Designing some Internet of Things – The Town Light

I have been experimenting lately with some Internet of Things (IoT) object. Some time ago, I attended a workshop at the MadLab at Manchester. Adrian McEwen presented his Bubblino, an Arduino bot that makes bubbles triggered by a Twitter message. He has written a book about designing IoT things. Based on all these examples I started experimenting myself. Working with some IoT myself, I started planning how user interfaces (UI) might affect how do we use the data that is streamed on the Web.

The Night Light Town

This is an experiment that reads the amount of light. The light data is sent to a server, which then is returned. Once the data is sent back, the Arduino reads the value and depending on the intensity, it turns on or off a LED.

To set up this you need:

  • Arduino
  • Arduino Ethernet/WiFi Shield
  • Photocell
  • 1k Ohm Resistor
  • 220 Ohm Resistor
  • A Breadboard

Here is the layout. You can use Fritzing to check more in detail how to set it up.


Fritz File

Alternatively you can download the Fritzing File:

Using Xively to Monitor Data

 Xively is a service that allows you to monitor data and then make other services or object react. In this case I use it to dump the light data to it and then get it to send it back to me. I followed the basic tutorial from the Xively website. Nevertheless, they provided the code for the WiFi Arduino Shield, so I had to make some basic modifications. This final script was based on the ones provided by Xively and Paul Bellamy.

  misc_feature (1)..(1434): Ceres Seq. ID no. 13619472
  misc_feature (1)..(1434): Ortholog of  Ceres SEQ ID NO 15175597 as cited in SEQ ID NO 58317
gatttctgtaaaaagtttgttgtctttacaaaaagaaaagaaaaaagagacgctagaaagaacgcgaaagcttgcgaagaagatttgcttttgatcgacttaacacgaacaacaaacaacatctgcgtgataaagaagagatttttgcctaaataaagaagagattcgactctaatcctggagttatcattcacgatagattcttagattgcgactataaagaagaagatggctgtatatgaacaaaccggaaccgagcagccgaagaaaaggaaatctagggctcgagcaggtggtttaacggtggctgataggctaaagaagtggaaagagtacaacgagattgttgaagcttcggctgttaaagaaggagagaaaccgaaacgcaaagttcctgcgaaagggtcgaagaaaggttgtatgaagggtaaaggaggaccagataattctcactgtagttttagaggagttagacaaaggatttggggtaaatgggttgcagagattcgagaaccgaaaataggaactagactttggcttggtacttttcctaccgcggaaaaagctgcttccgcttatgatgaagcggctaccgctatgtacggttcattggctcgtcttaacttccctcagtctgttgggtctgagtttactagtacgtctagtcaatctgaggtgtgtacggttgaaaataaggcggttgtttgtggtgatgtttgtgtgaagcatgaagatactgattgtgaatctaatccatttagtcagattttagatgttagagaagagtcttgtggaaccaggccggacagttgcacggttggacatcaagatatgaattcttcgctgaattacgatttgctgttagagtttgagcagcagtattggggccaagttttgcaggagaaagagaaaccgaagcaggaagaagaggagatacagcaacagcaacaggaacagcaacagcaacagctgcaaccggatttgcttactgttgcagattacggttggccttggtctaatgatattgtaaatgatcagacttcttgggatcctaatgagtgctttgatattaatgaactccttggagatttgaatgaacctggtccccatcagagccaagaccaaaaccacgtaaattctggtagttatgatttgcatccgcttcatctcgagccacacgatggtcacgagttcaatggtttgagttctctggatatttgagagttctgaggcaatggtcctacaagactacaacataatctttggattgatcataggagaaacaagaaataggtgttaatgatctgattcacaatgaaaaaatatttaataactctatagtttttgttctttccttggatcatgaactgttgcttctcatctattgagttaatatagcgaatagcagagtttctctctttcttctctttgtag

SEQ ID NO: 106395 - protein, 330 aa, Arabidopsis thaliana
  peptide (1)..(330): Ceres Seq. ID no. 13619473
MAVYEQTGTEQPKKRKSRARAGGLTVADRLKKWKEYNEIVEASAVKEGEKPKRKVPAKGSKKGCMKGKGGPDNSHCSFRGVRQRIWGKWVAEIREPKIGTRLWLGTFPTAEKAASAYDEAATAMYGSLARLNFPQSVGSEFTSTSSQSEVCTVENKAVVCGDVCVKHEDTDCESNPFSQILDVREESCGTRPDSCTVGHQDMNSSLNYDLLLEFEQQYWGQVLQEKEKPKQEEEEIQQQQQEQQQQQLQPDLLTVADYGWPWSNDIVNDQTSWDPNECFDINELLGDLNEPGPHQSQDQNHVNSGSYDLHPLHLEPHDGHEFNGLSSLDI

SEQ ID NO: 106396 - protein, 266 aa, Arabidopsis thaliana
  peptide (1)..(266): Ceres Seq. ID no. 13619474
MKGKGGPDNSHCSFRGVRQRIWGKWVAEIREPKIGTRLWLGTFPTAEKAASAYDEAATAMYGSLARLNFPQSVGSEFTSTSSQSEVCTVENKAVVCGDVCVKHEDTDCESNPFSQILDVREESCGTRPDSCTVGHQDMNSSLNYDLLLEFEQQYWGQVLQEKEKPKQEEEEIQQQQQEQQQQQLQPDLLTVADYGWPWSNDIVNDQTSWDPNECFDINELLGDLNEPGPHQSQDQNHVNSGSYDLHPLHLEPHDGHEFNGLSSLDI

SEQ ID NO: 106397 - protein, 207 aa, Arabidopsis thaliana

Here is MY final code. (Make sure you include the libraries)


The Deity Collector

The Deity Collector

A Downloadable Tangible User Interface for Constructivist Museums

Now that I have started my PhD in Web Science, I wanted to talk about my MSc research project. I managed to produce a comparative study in between three tangible user interfaces (TUI). I was under the supervision of Dr. Enrico Costanza and Dr. Leif Isaksen. I learned a lot about Constructivism for museums and for educational theory. On the other hand I realised how much I still have to learn, or how little I actually know about Physical Computing and Human Computer Interaction (HCI). This was a very nice eye opener and motivating to carry on with my research pathway.

This post is more about where this is taking me, instead of the actual research method. If you would like to know more, I recommend you to go to my research blog .

My research poster

This is my poster from my MSc research project.


MSc Javier Pereda

I would like to thank PixEden for the characters kit from my poster. They produced a manga characters kit (Vector Based) completely free. I strongly recommend checking their work and their freebies! Here is the link for the characters:


Some nice events

I have been presenting the project in some conferences and academic events. I have been getting very good feedback.

This video is an interview from the DigiFest, where I presented my poster for the first time.


I also presented in the Digital Transformations Moot in London. This is a video where Nicole Beale and Dr. Gareth Beale were interviewed and presented some of the work that we are doing in the areas of Web Science and Digital Humanities at the University of Southampton.